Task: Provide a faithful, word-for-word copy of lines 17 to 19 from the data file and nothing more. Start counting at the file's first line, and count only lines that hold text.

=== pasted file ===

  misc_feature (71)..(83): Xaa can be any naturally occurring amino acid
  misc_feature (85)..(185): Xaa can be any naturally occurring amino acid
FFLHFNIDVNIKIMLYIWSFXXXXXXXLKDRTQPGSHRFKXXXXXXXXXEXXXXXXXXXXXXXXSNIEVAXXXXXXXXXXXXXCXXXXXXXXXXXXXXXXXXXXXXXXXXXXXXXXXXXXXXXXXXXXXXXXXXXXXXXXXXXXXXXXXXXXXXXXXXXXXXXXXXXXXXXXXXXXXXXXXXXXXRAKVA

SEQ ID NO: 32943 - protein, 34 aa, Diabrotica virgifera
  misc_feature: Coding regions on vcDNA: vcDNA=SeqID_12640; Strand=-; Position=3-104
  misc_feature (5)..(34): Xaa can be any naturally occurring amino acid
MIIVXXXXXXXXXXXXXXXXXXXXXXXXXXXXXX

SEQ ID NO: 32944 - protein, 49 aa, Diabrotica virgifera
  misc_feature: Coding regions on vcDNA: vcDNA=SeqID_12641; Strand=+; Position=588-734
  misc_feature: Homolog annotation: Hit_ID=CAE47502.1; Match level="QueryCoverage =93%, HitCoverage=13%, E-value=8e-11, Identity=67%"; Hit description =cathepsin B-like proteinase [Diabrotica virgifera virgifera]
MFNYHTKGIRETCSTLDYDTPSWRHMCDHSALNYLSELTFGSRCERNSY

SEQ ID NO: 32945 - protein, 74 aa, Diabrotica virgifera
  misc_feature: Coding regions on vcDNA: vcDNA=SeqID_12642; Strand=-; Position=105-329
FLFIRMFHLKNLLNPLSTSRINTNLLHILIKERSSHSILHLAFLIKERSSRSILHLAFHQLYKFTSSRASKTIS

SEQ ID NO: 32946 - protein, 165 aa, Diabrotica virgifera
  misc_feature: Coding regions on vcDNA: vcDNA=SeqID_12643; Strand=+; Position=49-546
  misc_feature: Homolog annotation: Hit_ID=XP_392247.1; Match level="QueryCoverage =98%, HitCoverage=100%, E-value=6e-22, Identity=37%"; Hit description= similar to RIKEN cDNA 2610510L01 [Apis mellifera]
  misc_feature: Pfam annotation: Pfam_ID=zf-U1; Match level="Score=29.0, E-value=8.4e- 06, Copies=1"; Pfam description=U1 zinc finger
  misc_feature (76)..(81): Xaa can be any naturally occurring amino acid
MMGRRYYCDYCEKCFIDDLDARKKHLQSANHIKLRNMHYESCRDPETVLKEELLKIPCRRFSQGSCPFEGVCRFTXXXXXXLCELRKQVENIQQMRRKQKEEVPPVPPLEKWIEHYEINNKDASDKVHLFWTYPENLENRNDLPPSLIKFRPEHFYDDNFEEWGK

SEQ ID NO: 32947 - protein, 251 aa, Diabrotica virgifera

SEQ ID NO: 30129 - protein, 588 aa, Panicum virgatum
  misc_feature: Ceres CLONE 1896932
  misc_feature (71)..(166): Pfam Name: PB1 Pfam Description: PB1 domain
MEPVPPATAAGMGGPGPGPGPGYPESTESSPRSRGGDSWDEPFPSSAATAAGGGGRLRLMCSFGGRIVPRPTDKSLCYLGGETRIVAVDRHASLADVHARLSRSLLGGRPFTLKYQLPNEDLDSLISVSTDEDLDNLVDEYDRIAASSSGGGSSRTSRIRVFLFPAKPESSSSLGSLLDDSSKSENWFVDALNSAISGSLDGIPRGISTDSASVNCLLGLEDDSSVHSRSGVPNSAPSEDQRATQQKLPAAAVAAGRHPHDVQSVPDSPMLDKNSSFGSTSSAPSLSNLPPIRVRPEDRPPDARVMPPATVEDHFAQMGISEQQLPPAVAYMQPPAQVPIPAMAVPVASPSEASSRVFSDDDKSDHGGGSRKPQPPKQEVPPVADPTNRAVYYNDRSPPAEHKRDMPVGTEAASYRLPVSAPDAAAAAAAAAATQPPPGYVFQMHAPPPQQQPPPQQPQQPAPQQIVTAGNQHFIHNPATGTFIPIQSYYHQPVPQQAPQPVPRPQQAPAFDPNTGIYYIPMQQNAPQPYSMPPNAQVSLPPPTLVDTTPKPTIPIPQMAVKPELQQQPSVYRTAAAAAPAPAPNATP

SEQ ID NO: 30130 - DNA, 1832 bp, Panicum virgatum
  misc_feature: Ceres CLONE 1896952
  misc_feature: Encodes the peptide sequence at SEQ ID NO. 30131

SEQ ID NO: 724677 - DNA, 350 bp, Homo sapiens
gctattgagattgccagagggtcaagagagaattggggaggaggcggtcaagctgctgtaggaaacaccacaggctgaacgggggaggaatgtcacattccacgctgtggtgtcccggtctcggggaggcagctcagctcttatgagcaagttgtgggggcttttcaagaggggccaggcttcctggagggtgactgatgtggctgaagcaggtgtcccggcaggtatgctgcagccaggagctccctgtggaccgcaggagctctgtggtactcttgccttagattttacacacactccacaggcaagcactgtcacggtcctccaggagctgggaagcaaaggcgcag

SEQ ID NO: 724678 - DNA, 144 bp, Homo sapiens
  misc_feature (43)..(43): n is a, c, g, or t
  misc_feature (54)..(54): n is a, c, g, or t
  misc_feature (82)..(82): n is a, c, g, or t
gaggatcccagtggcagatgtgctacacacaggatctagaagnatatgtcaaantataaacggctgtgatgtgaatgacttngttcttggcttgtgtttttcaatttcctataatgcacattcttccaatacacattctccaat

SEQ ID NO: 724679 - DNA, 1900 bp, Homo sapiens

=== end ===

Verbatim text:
  misc_feature: Homolog annotation: Hit_ID=XP_392247.1; Match level="QueryCoverage =98%, HitCoverage=100%, E-value=6e-22, Identity=37%"; Hit description= similar to RIKEN cDNA 2610510L01 [Apis mellifera]
  misc_feature: Pfam annotation: Pfam_ID=zf-U1; Match level="Score=29.0, E-value=8.4e- 06, Copies=1"; Pfam description=U1 zinc finger
  misc_feature (76)..(81): Xaa can be any naturally occurring amino acid